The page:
Frank Robinson, January 2015

Immingham, cottage, corrugate iron, Price, Wills and Reeve
Langton by Spilsby, Cottage
Langton by Spilsby, Cottage
Langton by Spilsby, Cottage

This quaint circular Cottage Orné in Langton by Spilsby (TF 392704) probably dates from the early 19th century.

(Curiously, Langton by Horncastle also has a 'Cottage Orné', though a less elaborate example that this. Dwellings of this type are quite uncommon in Lincolnshire.)


Frank Robinson, 2009

Langton By Spilsby, cottage orne,
Lincoln, Blyton Cottage
Lincoln, Blyton Cottage
Lincoln, Blyton Cottage

This small cottage in lower High Street was demolished and replaced by a new public house, Golden Cross Inn, in 1958.

Buildings, Blyton Cottage, Golden Cross Inn
Lincoln, Castle Hill
Lincoln, Castle Hill
Lincoln, Castle Hill

The area between Exchequer Gate and the Castle in Lincoln, known as Castle Hill, is cobbled.

The timber-framed building on the corner of Bailgate, formerly a bank and now the local tourist office, has two overhangs and three gables.

On the north side of the hill towards the castle are fine 18th and 19th century houses.

Undated postcard

Lincoln, Castle Hill, Castle, Bailgate,
Lincoln, Whitefriars
Lincoln, Whitefriars
Lincoln, Whitefriars

The fifteenth century timber framed building, known as Whitefriars, in Akrill's passage, alongside 333 High Street, was restored by the Lincoln Co-operative Society in 1961.

William Akrill lived in the house and worked there as a baker in the second quarter of the nineteenth century.

Buildings, Akrill's Passage, Lincoln Co-operative Society, William Akrill
Lincoln, Wilson's Cottages, Newport
Lincoln, Wilson's Cottages, Newport
Lincoln, Wilson's Cottages, Newport

The stone cottages on Newport, Lincoln, known as Wilson's Cottages, were restored by Lincoln Civic Trust in 1993.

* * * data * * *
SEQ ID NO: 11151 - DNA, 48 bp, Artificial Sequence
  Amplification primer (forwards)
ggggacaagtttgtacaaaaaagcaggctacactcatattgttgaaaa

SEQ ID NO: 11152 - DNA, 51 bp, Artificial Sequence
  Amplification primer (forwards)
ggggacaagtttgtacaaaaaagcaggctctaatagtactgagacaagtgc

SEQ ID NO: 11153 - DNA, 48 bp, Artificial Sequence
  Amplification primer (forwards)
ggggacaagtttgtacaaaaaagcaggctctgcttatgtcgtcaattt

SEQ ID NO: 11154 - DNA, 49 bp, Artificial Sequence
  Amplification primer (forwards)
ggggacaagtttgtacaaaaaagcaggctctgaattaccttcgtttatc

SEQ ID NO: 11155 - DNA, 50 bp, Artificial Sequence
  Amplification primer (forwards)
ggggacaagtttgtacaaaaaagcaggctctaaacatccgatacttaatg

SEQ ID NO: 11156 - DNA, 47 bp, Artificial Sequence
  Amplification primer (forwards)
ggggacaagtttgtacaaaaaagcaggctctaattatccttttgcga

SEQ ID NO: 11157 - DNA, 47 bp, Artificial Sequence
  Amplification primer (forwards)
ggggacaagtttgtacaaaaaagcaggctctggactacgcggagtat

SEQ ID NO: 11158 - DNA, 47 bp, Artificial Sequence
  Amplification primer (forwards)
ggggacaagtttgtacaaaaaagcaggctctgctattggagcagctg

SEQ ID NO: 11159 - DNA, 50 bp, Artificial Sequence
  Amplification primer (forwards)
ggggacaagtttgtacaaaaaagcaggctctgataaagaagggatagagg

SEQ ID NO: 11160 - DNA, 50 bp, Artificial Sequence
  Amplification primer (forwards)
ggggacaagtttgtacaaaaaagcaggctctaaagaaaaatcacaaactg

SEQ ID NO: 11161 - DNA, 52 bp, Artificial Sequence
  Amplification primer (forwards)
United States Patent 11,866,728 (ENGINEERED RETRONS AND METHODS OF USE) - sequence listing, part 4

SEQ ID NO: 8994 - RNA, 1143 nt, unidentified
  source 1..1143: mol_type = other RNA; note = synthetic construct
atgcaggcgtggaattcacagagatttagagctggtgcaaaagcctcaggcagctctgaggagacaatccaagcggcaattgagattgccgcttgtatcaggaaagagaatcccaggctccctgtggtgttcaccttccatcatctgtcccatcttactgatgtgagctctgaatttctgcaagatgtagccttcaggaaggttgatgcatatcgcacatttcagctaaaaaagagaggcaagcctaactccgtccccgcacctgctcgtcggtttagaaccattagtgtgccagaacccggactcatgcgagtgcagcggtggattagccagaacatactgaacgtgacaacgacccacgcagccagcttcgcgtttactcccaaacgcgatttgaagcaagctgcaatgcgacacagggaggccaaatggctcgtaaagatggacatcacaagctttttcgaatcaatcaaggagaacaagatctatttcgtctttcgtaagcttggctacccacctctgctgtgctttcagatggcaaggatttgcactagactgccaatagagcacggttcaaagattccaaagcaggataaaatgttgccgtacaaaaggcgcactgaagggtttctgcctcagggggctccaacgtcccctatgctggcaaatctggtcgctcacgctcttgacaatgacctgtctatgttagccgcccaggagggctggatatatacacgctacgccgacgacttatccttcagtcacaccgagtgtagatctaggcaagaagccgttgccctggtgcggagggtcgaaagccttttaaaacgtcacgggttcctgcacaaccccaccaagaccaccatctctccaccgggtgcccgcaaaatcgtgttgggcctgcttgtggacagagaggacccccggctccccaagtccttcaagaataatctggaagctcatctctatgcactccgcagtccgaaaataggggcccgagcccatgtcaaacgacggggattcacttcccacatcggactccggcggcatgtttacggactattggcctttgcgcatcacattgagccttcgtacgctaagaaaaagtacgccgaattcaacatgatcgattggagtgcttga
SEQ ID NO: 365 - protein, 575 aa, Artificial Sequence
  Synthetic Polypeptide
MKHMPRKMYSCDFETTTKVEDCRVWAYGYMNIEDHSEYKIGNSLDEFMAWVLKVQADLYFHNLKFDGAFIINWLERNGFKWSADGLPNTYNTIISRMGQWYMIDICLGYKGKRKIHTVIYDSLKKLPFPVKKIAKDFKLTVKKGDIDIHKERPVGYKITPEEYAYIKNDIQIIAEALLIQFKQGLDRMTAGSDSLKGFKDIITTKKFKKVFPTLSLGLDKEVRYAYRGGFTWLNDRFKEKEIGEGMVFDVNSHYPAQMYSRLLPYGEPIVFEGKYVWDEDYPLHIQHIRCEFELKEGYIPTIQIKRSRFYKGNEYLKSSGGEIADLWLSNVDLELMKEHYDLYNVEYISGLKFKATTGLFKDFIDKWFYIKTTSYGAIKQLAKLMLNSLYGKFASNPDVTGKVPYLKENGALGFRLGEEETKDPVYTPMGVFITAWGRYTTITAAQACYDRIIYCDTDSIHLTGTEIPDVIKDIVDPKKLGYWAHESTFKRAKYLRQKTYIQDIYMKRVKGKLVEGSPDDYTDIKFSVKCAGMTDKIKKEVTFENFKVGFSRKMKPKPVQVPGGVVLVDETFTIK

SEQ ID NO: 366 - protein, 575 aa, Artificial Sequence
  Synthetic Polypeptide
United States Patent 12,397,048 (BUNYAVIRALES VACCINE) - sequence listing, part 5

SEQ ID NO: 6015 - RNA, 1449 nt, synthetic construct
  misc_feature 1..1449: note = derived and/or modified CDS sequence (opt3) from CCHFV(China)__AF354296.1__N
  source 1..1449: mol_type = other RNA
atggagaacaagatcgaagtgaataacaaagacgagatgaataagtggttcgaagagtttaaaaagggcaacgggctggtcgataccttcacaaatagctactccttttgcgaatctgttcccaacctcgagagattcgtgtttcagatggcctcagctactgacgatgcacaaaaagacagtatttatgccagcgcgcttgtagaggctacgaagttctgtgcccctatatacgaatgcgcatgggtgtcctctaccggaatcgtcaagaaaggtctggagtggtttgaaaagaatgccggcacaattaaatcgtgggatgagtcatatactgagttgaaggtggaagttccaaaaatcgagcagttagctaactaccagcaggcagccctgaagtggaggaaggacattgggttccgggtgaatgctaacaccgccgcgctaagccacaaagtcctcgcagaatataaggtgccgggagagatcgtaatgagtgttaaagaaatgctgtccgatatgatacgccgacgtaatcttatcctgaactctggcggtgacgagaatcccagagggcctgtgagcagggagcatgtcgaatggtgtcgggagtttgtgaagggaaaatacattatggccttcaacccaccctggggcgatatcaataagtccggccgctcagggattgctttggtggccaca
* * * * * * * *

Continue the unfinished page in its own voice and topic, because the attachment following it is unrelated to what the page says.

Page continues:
They were opened by H R H The Duke of Gloucester.

Pencil drawing by David Vale, 1993

Lincoln, Newport, Wilson's Cottages, Lincoln Civic Trust, Duke of Gloucester,
Navenby, Mrs Smith's Cottage
Navenby, Mrs Smith's Cottage
Navenby, Mrs Smith's Cottage

This early Victorian cottage in the centre of Navenby is named after its last occupant who died in 1995 aged 102. Its furnishings and fittings are entirely those of the nineteenth century.

It is currently being restored (2017).

June 2015

Navenby, Mrs Smith's Cottage
South Kelsey, Cottage
South Kelsey, Cottage
South Kelsey, Cottage

This cottage is situated on the banks of the Caistor Canal in South Kelsey, but no more is known about exact location or its occupiers.

It appears to be of mud-and-stud construction.

South Kelsey, cottage, mud and stud
South Ormsby, Bishop's Cottage
South Ormsby, Bishop's Cottage
South Ormsby, Bishop's Cottage

This fine thatched cottage was owned and used by the Rt Rev Kenneth Riches when he was Bishop of Lincoln in the 1950s.

Photograph 1999

South Ormsby, Bishop's Cottage
Thimbleby, Thatched Cottages
Thimbleby, Thatched Cottages
Thimbleby, Thatched Cottages

These cottages are examples of traditional Lincolnshire 'mud and stud' construction.

They have recent alterations, but were built in the sixteenth and seventeenth centuries.

Frank Robinson, 2010

Thimbleby, thatched cottages, mud and stud,
Thimbleby, White Cottage
Thimbleby, White Cottage
Thimbleby, White Cottage

One of several mud and stud cottages in the village's much-photographed main street.

This was a common form of construction found in vernacular buildings in the county, especially in south-east Lindsey.

June 2013

Thimbleby, White Cottage
Thurlby, Cottage, 18 High Street
Thurlby, Cottage, 18 High Street
Thurlby, Cottage, 18 High Street

"Cottage. C17, with C20 alterations.

Timber frame originally, now underbuilt in stone, rendered.

Half hipped thatched roof"

https://historicengland.org.uk/listing/the-list/list-entry/1165556 

DB 17 November 2018

Thurlby, Cottage
Washingborough, Thatched Houses
Washingborough, Thatched Houses
Washingborough, Thatched Houses

These were probably the last thatched houses in Washingborough.

The view looks south with the Hunterís Leap pub immediately on the left, at the top of Oak Hill.

Washingborough, thatched house, Hunter's Leap, Oak Hill